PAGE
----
Maritime training facilities across the U.S. enroll marine clients from first time deckhands to multiple renewal masters and everything in between. From brownwater to blue, the facilities specialize in getting mariners trained for STCW (Standards of Training, Certification and Watchkeeping), emergency response, shipboard safety, basic safety, marine fire and a litany of other necessities today’s mariner needs to work in the marine industry safely and legally.
“Maintenance and safety training is something you do to keep the boat operating,” said Jon Kjaerulff, director, Fremont Maritime, Seattle. “Safety training is just as important as maintenance. But if you’re going to give someone a duty, you should train them to do it before you assign it to them.”
Training facilities such as Fremont must keep up to date with new requirements such the Coast Guard’s 46 CFR Subchapter M that requires, for the first time, towing vessels to carry certificates of inspection (COI). The new rule, which went into effect in July 2016, requires all towing vessels of 26' or more in length to “be under the control of an officer who holds a first class pilot’s license or endorsement for that route, or who meet requirements related to the type of barge being towed.”
“And you have to have safety management training for your crew,” said Kjaerulff. “Subchapter M has forced companies to be more proactive when it comes to safety.”
The Subchapter M training will be the responsibility of the inland companies, not the individual mariners. “A company will have their Towing Safety Management System that will have the type of training each crewmember needs. “Most of the burden falls on the companies,” said Kjaerulff. “They can either do the training in house or come to a facility like ours to do it.”
Subchapter M has a multitude of moving parts, some of which are still being worked out. “The wording for some of the Subchapter M requirements is ambiguous,” said Kjaerulff. “It might say something like you ‘have to train to put out a fire.’ Well, that could be interpreted in several ways. Do you want to train them to put out a fire on inland vessels?”
Some of the upcoming courses at Fremont include Basic Training (April 10-14), Basic Training Refresher (April 8-10), Basic Firefighting (April 13-14), Advanced Firefighting (March 13-16), VPDSD (Vessel Personnel with Designated Security Duties — March 13) and 24-Hour Hazwoper (Hazardous Waste Operations and Emergency Response — April 3-5).
Fremont also has a course called Crisis and Crowd Management Training. The course is for any crew member who has responsibility for passengers’ safety. In the workboat world that would include crewboats, small passenger vessels to large ferries carrying hundreds of people in ports such as Seattle, Boston and New York. “We concentrate on stress management and human behavior,” said Kjaerulff. “We want to know if a crewmember can work under pressure in a crisis situation where hundreds of people may be involved. I wish I taught the class more.”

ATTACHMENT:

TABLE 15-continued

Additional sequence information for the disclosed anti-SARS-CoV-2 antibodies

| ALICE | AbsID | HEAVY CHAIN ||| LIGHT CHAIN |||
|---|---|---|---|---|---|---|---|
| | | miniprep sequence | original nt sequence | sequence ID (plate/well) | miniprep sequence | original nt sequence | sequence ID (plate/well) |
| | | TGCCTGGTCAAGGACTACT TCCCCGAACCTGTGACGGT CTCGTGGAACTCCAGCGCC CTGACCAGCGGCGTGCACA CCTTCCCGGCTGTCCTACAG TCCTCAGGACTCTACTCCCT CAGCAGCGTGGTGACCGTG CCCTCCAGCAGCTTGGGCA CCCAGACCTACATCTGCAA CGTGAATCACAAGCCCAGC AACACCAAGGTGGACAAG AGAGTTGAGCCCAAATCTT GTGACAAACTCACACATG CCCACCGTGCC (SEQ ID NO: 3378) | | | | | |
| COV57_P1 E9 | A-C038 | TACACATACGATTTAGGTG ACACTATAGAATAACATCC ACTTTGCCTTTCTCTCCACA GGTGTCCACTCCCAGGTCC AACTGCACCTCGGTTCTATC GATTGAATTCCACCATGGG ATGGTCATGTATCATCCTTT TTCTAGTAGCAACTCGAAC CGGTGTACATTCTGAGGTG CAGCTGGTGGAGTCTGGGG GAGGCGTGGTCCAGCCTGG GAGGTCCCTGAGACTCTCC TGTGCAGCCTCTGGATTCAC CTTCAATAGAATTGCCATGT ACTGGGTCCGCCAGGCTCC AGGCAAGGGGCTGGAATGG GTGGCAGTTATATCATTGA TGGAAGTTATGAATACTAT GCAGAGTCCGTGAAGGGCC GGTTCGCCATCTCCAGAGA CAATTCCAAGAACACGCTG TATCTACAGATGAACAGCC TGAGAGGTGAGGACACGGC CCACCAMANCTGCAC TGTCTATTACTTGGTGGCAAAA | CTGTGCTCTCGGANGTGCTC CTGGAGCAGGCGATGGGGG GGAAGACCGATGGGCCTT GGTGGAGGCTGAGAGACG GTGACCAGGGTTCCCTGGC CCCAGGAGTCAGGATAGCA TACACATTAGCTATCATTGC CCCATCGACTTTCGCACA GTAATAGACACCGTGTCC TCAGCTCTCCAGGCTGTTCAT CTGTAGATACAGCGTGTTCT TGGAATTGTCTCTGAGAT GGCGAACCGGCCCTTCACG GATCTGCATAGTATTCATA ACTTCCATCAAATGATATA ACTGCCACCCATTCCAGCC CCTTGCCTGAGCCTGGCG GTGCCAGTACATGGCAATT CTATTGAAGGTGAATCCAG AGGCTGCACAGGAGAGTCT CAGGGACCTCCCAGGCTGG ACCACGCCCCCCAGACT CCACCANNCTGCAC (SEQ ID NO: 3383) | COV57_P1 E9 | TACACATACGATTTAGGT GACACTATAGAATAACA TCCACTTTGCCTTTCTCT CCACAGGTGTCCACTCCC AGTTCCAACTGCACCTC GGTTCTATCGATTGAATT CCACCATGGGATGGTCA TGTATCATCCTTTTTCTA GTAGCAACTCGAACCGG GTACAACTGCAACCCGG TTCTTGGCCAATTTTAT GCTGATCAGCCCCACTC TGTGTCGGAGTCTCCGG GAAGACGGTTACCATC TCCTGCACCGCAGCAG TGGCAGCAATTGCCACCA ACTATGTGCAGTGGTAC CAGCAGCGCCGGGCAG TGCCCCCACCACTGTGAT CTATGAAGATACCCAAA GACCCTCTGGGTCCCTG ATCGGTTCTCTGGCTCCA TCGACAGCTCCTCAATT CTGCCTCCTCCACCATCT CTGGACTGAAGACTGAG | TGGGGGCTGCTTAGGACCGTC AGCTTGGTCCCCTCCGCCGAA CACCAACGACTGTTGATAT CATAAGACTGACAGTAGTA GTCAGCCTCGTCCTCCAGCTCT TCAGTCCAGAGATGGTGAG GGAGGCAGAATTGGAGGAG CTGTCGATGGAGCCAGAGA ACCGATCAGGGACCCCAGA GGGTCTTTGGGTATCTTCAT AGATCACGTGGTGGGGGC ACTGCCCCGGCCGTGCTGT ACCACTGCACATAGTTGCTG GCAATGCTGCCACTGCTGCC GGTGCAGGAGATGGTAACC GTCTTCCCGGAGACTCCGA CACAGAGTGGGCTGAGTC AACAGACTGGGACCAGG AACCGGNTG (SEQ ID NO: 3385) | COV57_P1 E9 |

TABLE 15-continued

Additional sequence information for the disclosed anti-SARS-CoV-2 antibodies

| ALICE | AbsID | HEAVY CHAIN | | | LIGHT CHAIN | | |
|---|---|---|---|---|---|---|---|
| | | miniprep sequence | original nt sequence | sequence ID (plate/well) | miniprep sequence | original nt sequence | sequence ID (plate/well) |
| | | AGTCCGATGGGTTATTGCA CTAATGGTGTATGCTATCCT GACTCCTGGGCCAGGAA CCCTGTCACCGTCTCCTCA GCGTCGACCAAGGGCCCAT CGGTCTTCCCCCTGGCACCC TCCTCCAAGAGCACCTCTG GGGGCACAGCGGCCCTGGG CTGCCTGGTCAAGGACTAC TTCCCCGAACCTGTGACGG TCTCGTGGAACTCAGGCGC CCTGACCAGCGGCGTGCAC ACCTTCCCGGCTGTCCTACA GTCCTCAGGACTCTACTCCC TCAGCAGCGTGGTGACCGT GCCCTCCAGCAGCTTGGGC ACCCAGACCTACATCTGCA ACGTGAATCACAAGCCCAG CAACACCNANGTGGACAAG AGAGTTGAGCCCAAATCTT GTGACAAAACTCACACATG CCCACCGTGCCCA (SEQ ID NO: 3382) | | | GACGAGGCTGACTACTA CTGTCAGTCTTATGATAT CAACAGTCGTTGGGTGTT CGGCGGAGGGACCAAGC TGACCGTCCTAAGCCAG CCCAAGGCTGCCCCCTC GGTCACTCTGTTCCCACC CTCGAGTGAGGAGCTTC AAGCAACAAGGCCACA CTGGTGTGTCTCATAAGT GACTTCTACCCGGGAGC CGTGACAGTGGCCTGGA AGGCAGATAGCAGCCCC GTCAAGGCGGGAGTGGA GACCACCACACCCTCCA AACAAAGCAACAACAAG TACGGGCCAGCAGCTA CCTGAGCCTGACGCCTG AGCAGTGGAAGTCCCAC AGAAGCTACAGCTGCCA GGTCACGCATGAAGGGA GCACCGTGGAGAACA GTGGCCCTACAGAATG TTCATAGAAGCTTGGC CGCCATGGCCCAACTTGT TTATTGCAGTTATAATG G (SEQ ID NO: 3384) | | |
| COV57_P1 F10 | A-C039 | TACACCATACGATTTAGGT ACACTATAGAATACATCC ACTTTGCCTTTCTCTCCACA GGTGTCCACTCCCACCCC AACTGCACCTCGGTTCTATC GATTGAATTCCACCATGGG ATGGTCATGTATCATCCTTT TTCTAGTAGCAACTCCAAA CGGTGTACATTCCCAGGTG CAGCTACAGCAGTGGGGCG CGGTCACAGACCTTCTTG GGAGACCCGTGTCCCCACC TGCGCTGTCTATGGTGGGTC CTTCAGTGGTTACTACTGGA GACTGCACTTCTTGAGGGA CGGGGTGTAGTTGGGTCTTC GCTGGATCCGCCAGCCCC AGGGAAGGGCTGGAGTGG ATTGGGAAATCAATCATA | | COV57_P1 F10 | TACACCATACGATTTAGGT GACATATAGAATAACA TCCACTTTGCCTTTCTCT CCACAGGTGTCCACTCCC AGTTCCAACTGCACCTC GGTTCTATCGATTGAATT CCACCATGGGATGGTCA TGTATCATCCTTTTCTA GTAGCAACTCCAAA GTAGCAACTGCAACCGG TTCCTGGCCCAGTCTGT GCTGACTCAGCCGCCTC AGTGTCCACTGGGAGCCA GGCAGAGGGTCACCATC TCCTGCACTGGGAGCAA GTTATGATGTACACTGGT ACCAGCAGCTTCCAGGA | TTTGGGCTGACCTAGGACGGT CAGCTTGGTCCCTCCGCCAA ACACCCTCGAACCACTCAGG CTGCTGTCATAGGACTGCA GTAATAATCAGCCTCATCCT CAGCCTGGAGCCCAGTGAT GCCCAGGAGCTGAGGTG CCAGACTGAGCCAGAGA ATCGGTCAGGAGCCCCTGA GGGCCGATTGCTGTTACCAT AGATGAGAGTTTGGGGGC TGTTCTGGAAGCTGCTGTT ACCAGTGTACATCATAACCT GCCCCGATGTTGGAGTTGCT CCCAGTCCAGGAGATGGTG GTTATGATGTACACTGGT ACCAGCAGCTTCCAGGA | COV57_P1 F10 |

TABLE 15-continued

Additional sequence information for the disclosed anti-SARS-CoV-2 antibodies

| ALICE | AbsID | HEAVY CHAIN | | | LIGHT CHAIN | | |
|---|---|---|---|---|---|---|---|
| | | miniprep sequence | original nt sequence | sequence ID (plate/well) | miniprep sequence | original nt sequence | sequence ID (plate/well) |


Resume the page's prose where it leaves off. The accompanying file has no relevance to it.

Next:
The marine industry will never be perceived as cool or sophisticated like the technology industry is, for example. It’s perception, not necessarily reality. Some of that has to do with savvy industries that know how to market themselves, whereas the marine industry has mostly been content with flying under the radar. “It can be a struggle to attract high school kids,” said Capt. Ken Wahl, Sea School’s vice president. “We’ve had some success with the Propeller Club here in Tampa, and in Toledo (Ohio) we have some nautical classes in the magnet school.”
In addition to Toledo, Sea School has seven other campuses east of the Mississippi River — New York; St. Petersburg, Fla., Fort Lauderdale, Fla.; Jacksonville, Fla.; Panama City, Fla.; Charleston, S.C.; and Bayou La Batre, Ala. The company has more than 50 USCG approved courses, plus license renewals, a Mariner’s Drug Testing Program, USCG Application Consultation and Submission Services and more.
For marine companies across the industry, attracting, training and retaining young people in the industry is a constant struggle.
“We’re finding that there is a large desire for young folks to get in this industry,” said Wahl. “We try to tell the kids exactly what they are going to experience, what kind of money they will make, the cyclical nature of the offshore industry, for example. That kind of thing.”
Wahl said he is a member of the Coast Guard’s National Offshore Advisory Committee, a “think tank that tries to look ahead to what new challenges are coming up.” He can bring what he learns on the advisory board back to Sea School, helping him keep up with what’s going to be expected of tomorrow’s mariner.
Training isn’t cheap but most companies put up the money to train their employees. “The major companies know that training is part of the expense of owning a marine company,” said Kjaerulff.